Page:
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Author Topic: The most lasting first radio experience. Making a radio from "found stuff"  (Read 6459 times)

Posts: 2568

« on: February 17, 2018, 07:43:19 AM »

Many hams believe that demonstrating cool radio technology like repeater operation or even talking to the space station is a great way to generate interest for youth. In reality it does not mean that much; the radio is just another "box" that you talk in on one end and someone responds to you from the other side. It is no more challenging than an iPhone or a computer.

If you want to really make an impression on radio, make a receiver and a transmitter from "found things".

A coil of wire, a variable capacitor, a cardboard toilet paper tube, a diode, an ear bud.

Grab up a wad of pieces and parts like that and make a game out of it. Pretend that they are stranded on an island and demonstrate how to make a crystal radio. Have them do it, bring enough parts along so the girls and boys can do it themselves.

Now that you have demonstrated how to receive (listening to an AM station). Now show how they could call for help from their desert island.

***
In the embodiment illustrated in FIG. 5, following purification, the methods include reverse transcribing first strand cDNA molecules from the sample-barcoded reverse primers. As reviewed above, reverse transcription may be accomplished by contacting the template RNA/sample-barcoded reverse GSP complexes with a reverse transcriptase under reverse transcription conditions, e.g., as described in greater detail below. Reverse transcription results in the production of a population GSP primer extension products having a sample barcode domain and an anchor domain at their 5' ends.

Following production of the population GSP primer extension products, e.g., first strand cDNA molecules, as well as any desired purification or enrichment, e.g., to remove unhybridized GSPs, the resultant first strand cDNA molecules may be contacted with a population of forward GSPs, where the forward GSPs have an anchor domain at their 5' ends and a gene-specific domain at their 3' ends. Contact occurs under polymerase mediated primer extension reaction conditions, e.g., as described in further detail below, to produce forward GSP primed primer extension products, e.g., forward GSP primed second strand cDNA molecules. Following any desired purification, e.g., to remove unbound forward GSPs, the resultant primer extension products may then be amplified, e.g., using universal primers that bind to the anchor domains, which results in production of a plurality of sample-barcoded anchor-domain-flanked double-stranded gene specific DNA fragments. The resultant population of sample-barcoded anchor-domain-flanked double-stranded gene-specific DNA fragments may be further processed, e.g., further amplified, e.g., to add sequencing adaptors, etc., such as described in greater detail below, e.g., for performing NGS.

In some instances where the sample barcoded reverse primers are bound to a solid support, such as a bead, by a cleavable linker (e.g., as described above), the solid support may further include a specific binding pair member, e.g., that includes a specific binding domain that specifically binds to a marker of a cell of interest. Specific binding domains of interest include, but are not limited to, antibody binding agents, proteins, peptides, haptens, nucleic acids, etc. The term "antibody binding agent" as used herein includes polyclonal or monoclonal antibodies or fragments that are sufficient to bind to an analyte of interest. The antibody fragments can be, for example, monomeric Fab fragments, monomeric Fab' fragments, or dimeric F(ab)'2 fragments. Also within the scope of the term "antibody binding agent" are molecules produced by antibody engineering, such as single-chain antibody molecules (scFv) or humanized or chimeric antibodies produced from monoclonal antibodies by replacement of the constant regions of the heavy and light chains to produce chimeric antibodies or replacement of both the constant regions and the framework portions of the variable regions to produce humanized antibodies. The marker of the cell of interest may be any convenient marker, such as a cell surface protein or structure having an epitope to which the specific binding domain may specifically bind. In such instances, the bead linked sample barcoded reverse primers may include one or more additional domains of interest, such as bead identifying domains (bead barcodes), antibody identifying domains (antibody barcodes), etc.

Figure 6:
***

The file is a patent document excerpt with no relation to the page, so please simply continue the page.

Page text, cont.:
A relay, a battery, two caps, a resistor and wire to make a coil and an antenna.

Build a spark-gap transmitter.

Demonstrate how dit's and dah's can be heard by the crystal radio.

Explain how morse code was developed from dit's and dah's and how SOS came to be.

Let the kids build their own spark gap transmitters. Let them send their little blips and for someone across the room to hear them. Encourage them to walk some distance to see how far it can be heard.


This is how I was introduced to radio; It made more of a lasting impression than six years of college and an electrical engineering degree. I will always be able to make a crystal radio and a spark gap transmitter. Even from the rubbish found in a trash can.

Ms. Tisha Hayes, AA4HA
Lookout Mountain, Alabama
Free space loss (dB) = 32.4 + 20 × log10d + 20 × log10 f

Posts: 14

« Reply #1 on: April 05, 2018, 06:39:51 AM »

This is a great idea! We have a couple of young children in my family and I'd love to get them into the hobby specifically because it offers some level of independence from reliance on utility and private companies for communications. Of course you can't replace the convenience of cell phones and the reach of the Internet with amateur radio. But with amateur radio you realize that you're not entirely dependent on those technologies, either. Plus, it's a great introduction to practical science.
Do you have a schematic or project webpage for a simple project like this?
73. Dave/KC9MGX

UPDATE: found this receiver and this transmitter (30' range)
« Last Edit: April 05, 2018, 06:53:53 AM by KC9MGX » Logged

Posts: 23

« Reply #2 on: April 05, 2018, 09:57:08 AM »

Grabbing very few components from discarded stuff, all safety precautions being met, could led to this minimalist 40m TX (crystal to be provided)

Many other projects on Miguel's site

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